Welcome to the
Fantastic World of Colin Jacobson



These days, much of our experience of social
and political reality is mediated for us by a
phalanx of public relations gurus. A permanent
legacy of the 1980's is likely to be the
irresistible rise of the ubiquitous "Spin Doctor".

The photographs here recall an era of
Hollywood which was altogether less cynical.
The moment of spontaneous joy as Jose
Ferrer and friends hear he has won an Oscar
would now be pre-plotted by TV producers
into a major media event. Every tic, sniff,
twitch and blush would be scrutinised in
graphic close-up detail.

Bert Lancaster's agent would now never
allow him to risk life, limb and the 20 %
commission by leaping high into the air on
set, and the studio's insurance brokers would
be having kittens.

Mary Astor would not allow herself to be seen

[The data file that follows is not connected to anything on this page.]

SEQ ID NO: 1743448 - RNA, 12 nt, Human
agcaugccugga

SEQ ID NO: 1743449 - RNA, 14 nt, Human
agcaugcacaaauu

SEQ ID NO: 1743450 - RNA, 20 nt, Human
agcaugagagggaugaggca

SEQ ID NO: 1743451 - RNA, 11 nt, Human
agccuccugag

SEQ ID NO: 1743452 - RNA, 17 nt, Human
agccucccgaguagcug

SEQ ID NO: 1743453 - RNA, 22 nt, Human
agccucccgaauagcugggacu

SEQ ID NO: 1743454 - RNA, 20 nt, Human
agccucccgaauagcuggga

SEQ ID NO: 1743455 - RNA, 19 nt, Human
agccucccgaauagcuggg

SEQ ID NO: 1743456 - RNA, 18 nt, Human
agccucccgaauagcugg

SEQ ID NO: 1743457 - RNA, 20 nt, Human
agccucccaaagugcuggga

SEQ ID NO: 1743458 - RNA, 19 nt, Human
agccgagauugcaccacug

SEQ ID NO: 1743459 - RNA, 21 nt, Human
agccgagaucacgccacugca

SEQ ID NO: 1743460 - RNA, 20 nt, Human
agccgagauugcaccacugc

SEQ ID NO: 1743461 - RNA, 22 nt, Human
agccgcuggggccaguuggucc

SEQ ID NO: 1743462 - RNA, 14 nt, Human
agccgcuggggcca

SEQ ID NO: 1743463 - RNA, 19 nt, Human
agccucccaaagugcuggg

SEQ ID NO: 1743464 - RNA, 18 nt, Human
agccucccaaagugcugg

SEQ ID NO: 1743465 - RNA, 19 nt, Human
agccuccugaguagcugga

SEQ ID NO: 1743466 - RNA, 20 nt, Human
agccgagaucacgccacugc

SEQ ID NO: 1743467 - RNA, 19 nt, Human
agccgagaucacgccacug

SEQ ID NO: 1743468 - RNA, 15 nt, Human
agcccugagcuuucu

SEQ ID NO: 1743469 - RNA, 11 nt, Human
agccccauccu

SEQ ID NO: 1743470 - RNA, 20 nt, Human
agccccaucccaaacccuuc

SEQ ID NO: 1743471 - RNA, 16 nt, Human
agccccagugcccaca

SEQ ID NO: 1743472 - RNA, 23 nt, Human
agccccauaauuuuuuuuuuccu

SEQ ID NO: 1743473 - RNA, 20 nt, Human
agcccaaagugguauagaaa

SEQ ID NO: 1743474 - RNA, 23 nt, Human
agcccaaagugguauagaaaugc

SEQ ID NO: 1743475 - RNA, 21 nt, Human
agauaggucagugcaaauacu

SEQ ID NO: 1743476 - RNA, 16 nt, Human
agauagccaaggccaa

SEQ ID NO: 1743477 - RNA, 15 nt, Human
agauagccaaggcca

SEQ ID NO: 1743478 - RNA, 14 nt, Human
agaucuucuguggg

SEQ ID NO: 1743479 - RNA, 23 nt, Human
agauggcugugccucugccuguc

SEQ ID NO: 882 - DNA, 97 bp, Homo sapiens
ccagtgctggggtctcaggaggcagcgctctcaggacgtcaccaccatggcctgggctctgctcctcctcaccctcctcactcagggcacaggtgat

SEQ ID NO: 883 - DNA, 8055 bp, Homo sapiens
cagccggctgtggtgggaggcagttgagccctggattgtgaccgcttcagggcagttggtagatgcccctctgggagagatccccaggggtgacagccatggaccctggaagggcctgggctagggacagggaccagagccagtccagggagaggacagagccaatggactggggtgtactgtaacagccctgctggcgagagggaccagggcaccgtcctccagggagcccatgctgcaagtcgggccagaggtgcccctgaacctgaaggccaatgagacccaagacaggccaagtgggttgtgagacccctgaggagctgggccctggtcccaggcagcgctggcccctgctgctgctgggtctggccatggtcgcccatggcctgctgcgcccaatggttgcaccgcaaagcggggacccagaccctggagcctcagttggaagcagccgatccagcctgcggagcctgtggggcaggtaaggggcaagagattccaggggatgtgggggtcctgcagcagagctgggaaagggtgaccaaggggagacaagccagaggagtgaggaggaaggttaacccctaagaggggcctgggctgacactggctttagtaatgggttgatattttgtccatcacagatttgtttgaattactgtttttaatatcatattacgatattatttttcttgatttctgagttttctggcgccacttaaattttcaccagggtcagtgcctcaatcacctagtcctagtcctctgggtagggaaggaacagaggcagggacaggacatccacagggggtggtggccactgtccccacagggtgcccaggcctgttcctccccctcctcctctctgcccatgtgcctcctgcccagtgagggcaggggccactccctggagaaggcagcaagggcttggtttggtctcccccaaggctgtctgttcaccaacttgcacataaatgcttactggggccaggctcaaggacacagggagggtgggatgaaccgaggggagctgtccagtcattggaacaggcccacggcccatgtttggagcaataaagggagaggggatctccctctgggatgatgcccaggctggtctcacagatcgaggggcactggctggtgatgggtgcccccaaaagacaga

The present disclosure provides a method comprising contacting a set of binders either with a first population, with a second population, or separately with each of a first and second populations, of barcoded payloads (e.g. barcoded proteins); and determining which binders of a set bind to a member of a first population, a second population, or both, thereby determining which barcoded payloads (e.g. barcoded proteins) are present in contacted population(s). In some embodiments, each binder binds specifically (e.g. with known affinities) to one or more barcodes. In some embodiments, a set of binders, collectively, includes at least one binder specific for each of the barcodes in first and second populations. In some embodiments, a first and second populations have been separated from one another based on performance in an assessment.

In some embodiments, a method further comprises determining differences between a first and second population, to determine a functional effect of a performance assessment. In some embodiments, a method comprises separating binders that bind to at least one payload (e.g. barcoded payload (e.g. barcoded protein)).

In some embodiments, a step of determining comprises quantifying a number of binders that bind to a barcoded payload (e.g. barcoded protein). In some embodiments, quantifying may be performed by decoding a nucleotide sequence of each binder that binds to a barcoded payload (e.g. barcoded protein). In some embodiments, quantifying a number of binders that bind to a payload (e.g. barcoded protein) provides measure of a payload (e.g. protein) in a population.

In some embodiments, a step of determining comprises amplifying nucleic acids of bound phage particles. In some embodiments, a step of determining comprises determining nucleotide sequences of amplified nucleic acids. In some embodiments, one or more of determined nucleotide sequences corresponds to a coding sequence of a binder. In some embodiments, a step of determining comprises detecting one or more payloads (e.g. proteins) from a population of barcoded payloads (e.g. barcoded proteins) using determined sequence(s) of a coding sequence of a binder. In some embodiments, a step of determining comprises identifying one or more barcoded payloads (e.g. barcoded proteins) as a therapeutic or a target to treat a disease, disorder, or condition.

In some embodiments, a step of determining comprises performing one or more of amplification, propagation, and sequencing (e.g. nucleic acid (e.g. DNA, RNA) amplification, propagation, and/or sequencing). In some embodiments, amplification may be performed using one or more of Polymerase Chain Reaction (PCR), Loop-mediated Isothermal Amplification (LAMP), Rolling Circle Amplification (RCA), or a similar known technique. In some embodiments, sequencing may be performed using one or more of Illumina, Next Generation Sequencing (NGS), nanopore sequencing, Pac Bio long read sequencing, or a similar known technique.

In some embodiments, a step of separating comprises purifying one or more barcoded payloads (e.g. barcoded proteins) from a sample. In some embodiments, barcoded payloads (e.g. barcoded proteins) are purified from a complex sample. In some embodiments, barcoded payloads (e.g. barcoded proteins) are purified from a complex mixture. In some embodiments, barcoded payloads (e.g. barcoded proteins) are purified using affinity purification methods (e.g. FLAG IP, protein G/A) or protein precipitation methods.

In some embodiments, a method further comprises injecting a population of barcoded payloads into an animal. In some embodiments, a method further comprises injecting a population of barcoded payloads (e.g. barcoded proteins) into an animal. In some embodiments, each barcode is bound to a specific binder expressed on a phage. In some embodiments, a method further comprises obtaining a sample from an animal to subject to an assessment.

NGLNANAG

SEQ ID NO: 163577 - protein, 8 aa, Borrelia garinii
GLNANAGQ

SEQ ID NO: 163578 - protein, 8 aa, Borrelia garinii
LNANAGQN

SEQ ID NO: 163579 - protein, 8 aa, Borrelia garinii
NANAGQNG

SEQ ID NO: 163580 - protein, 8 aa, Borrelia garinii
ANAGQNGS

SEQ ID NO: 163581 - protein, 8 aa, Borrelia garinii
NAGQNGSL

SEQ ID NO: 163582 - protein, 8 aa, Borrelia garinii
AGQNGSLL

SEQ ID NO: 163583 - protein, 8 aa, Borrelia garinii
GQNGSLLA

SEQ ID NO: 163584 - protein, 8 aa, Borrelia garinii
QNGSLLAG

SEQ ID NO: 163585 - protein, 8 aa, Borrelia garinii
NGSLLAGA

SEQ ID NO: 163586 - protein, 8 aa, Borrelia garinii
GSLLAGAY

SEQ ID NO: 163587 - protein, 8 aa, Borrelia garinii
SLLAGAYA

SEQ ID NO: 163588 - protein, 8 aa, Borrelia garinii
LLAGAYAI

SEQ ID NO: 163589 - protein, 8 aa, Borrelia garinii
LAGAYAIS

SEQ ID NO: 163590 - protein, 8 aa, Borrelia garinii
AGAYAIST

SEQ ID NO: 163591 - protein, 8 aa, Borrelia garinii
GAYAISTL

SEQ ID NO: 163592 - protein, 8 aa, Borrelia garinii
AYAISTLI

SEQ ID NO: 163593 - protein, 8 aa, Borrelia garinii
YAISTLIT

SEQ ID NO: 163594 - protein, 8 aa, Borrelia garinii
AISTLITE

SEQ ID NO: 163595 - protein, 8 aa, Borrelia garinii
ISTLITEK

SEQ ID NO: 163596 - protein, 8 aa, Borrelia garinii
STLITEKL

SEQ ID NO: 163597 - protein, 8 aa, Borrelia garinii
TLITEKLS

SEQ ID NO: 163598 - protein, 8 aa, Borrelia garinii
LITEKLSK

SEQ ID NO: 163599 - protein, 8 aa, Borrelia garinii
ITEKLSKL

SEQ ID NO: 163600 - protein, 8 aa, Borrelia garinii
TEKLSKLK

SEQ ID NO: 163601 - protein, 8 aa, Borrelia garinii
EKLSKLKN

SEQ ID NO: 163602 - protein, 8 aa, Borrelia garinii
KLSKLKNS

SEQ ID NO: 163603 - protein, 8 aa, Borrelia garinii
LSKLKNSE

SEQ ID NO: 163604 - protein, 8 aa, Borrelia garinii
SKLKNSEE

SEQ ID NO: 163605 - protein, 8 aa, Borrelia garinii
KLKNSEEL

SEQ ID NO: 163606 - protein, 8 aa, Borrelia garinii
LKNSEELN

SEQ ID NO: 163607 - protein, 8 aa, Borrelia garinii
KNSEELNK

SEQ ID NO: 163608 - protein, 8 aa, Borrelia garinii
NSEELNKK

drowning romantically in flowers. She would
demand that Annie Liebowitz should photograph
her naked torso strategically covered with
tantalising camelias, with perhaps a serpent
or two draped around her thighs to suggest
the imminent loss of innocence.

Jacques Cousteau would surely not pose like
this against a flock of seagulls, risking that a
dollop of bird shit splat in the middle of his
forehead could undermine his dignity.

And the intrepid paparazzi leaning nochalantly
into Liz Taylor"s limo would soon discover
that a large hired fist had rearranged the
position of his nose.

Colin Jacobson
The photographs are courtesy of the
Hulton-Deutsch Collection, London.
We value their generous contribution.